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Shipping companies urged to stop using dirty fuels in the Arctic

12 July 2017 | Mitigation

Shipping companies are under pressure to phase out use of heavy fuels ahead of a potential ban on their use in the Arctic in the coming years.

The International Maritime Organisation has approved an environmental review of the use of heavy fuel oil (HFO) by ships in the Arctic. Already banned in Antarctica, HFO is a dense and viscous byproduct of other fuel refining processes.

Oil spills or leaks would be severely toxic, and devastating to flora, fauna and indigenous communities because of the long time the sludge takes to break down in cold water. The risks to fragile Arctic ecosystems could soar as more polar sea lanes become accessible because of climate change.

A Canadian proposal unanimously adopted at the IMO’s marine environmental protection committee last Friday mandates a review of mitigating measures for HFO use, to begin in April 2018. No calls for a ban on HFOs have been formally put on the agenda but “at this early stage, nothing can be ruled in or out,” an IMO spokesperson said.

“I’m fairly sure a ban will happen one day,” said Peter Hinchliffe, the secretary-general of the International Chamber of Shipping told the Guardian. “We won’t be opposing it but our role [in the IMO] is to make sure we are not causing a disproportionate disadvantage to ships that use HFOs in the Arctic today.”

But as global warming melts new shipping lanes, even larger ships from outside the Arctic are expected to steer through the Polar north in search of shorter journey times, increasing the risk of accidents. In March, Arctic sea ice extent fell to its lowest recorded level since records began 38 years ago.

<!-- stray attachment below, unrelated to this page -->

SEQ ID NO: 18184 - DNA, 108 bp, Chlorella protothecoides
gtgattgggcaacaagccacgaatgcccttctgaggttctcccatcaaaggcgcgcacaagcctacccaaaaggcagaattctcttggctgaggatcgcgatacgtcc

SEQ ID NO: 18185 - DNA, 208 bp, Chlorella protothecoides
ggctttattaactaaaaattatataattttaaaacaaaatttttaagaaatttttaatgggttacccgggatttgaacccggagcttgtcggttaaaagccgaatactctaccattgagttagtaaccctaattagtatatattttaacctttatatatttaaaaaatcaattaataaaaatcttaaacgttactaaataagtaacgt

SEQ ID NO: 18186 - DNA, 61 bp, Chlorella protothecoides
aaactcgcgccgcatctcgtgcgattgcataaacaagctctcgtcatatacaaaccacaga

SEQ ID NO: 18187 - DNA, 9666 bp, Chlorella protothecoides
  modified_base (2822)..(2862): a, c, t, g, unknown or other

The shipping industry has already agreed to cut the sulphur content of marine fuels to 0.5% by 2020. “It will be extremely difficult to get HFOs with sulphur content as low as 0.5%. Most ships will turn to lighter fuels – diesel essentially – and that means that imposing an Arctic ban on HFOs may have a very limited life as few ships are likely to go there burning HFOs,” said Hinchliffe.

Hybrid cruise ships

Aslak Ross, the head of marine standards at Maersk Line, told the Guardian that fuels which were both low-sulphur and low-carbon could enter the world market “sooner than many expect”. “This is one of the reasons we have decided not to invest in ‘scrubbers’, not least due to their negative impact on the vessel’s energy efficiency,” he said.

Scrubbing technology allows ships to chemically filter and cleanse their existing HFO blends and avoid the trouble and expense of switching to lighter distillate fuels such as diesel, liquefied natural gas or, potentially, ethanol.

But scrubbers are seen as impractical by industry analysts because they cost $3-5m to fit per vessel, and a lack of shipyards would prevent a retrofit taking place among the world’s fleet by 2020, when the new sulphur standard takes effect.

Many environmentalists and shipowners alike see scrubbers as a way of ensuring the survival of highly polluting fuels at a time when rapid transition is needed. More than 200 LNG-fuelled ships are in service around the world.

 

 

Source: The Guardian